Startling research has shown that 95 per cent of Australian children are not eating enough vegetables.
According to a report from the Journal of Academy of Nutrition and Dietetics, most kids don't have diets which meet national guidelines for junk food and vegetable consumption, with the introduction of junk food too early in life credited as the chief reason for the diet decline.
The study monitored parent groups in Melbourne, and found that babies were eating enough fruit and vegetables at nine months, their diet rapidly declined after this.
Fast-forward to 18 months of age and 95 per cent of kids aren't getting enough veggies into their diet, with the ease of giving a child a biscuit or quick snack attributed to the increase.
According to national recommendations, children less than two years old should not eat junk food regularly.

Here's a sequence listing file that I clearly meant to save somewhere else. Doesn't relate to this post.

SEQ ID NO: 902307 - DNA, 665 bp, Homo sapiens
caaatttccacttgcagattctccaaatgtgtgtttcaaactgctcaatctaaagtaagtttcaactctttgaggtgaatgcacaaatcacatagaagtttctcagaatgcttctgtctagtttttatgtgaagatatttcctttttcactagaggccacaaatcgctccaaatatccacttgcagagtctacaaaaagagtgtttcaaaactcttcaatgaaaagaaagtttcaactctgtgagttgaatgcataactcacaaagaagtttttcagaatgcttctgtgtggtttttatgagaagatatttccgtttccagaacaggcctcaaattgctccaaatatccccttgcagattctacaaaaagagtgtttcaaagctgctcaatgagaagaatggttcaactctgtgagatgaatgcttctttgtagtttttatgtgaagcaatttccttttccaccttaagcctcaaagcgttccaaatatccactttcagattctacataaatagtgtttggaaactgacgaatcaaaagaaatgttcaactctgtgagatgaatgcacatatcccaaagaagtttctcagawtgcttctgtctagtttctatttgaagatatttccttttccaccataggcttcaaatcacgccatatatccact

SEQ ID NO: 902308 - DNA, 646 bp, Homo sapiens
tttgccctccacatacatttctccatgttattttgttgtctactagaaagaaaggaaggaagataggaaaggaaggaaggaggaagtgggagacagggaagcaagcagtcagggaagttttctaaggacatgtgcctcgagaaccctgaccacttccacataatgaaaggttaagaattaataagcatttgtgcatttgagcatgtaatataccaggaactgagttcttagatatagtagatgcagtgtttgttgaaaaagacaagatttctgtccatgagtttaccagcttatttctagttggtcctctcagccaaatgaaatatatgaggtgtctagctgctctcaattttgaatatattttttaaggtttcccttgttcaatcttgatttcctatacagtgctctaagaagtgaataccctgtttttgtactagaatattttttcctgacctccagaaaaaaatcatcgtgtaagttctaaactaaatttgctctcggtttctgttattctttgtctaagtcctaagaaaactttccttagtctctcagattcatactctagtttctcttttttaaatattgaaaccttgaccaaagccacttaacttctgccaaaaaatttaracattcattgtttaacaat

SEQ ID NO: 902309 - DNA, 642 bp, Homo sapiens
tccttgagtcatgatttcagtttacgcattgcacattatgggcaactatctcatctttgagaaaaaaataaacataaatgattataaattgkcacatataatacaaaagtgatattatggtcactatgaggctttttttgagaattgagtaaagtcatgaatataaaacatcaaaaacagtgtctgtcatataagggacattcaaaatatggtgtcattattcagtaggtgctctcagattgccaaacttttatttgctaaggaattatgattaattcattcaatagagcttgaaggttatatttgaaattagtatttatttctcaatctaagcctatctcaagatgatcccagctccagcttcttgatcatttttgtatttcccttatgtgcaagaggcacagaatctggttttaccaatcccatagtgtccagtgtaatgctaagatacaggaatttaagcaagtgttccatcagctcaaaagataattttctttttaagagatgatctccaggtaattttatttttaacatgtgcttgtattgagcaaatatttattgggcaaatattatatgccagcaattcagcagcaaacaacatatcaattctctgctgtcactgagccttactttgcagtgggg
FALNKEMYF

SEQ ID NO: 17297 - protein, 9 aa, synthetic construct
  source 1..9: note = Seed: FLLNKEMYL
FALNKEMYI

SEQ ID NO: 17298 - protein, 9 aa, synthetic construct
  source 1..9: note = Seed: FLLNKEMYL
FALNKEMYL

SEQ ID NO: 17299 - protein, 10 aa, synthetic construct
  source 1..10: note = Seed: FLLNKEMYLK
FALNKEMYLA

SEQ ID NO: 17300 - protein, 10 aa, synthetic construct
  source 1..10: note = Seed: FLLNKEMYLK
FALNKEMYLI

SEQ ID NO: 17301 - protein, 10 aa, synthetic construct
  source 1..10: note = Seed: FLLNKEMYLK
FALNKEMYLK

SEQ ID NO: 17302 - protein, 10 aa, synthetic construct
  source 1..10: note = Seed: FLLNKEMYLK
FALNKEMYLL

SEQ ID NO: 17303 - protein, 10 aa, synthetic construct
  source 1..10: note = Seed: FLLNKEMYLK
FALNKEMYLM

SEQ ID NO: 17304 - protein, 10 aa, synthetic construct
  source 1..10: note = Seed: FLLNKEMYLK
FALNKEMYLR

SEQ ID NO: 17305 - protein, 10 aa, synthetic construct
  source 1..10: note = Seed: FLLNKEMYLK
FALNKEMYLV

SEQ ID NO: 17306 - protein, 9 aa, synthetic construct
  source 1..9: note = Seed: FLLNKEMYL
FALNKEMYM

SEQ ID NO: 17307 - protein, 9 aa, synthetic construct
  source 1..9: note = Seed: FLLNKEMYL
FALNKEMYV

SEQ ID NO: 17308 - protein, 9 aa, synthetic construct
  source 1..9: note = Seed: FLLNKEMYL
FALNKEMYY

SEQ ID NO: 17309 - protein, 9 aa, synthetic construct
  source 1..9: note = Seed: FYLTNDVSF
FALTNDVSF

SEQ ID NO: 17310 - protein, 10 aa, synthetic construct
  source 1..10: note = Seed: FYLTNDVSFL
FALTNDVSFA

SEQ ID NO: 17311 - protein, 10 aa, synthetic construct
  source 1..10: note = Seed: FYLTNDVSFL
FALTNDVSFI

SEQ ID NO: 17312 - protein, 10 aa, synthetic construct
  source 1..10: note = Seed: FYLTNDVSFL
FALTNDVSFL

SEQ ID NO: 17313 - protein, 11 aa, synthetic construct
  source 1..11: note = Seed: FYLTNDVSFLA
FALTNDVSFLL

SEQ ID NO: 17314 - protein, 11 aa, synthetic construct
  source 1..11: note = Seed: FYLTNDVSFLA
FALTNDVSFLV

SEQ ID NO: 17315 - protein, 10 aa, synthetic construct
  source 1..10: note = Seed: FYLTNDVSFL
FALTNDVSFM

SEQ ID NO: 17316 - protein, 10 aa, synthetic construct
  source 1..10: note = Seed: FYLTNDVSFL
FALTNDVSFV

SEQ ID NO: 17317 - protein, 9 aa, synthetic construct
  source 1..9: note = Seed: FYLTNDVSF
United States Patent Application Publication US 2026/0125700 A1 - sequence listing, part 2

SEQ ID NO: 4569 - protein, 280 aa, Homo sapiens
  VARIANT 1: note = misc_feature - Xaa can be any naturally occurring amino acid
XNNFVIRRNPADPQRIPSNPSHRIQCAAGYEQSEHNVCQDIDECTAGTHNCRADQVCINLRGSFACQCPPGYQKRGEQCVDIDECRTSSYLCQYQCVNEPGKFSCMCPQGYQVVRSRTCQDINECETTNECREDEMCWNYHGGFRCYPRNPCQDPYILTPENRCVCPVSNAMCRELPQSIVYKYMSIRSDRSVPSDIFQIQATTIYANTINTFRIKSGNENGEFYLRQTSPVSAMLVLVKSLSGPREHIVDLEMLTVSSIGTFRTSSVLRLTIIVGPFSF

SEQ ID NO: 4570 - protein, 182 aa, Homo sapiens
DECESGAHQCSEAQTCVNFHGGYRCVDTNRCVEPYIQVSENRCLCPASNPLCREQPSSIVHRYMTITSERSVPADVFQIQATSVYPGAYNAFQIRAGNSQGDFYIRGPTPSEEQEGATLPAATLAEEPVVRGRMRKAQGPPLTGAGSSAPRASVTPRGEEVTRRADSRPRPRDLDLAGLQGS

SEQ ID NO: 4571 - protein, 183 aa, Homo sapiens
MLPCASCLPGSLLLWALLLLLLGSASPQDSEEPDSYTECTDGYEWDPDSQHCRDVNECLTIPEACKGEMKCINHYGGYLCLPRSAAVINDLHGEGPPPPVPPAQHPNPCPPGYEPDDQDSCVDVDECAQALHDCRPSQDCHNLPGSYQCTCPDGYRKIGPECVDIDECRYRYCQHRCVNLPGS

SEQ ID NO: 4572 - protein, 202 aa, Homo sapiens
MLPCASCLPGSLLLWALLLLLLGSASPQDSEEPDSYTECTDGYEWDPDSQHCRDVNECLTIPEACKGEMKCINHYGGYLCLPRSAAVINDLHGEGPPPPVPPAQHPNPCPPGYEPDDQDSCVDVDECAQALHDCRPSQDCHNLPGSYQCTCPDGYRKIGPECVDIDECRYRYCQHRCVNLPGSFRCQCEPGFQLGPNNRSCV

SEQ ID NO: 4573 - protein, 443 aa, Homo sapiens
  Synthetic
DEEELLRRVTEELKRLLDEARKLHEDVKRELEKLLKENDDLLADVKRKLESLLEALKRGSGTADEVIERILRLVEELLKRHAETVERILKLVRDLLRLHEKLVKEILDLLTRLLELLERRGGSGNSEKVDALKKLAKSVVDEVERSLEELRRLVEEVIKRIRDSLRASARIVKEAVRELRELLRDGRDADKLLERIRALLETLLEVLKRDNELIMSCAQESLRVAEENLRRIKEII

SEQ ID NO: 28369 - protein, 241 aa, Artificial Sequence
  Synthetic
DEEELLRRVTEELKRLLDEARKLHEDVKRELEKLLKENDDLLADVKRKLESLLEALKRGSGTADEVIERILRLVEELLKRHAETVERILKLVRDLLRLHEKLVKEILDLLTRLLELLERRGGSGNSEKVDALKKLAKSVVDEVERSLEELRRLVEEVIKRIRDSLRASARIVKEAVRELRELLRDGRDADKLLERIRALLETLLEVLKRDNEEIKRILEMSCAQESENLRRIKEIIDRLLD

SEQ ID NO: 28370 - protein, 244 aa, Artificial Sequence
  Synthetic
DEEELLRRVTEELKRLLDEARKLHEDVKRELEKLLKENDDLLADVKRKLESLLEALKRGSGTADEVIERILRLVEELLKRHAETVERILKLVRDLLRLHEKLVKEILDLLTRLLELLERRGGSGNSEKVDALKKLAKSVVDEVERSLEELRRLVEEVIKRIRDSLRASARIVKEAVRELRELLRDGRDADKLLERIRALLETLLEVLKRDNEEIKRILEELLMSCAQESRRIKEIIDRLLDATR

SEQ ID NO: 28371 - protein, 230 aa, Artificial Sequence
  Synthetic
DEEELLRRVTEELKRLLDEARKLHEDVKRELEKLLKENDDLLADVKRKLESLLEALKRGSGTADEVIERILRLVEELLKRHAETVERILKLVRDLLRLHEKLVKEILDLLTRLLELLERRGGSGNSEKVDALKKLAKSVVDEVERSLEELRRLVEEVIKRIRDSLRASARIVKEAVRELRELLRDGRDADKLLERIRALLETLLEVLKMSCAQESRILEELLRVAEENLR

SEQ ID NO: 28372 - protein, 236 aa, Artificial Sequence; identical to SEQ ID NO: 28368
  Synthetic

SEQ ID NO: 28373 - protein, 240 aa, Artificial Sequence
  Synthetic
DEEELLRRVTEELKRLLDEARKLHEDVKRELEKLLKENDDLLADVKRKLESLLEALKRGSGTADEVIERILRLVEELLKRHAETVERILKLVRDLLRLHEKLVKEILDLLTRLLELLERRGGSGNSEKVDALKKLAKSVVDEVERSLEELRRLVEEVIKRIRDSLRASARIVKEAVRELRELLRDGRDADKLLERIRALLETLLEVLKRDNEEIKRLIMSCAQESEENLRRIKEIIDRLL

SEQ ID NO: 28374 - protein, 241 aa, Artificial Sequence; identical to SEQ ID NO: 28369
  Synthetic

However, the study found that 90 per cent of children in this bracket were frequently eating junk food, and old pre-schoolers are eating portions much larger than is recommended for these discretionary foods.
One tip is to spread vegetables across the day, instead of planning to load them on at dinner time.
Another is to be aware of how much children mimic the behaviour of their parents, so attitudes around food should be adjusted to create a positive environment. For example, treat fruit and vegetables as a daily snack with the same enthusiasm as you would junk food.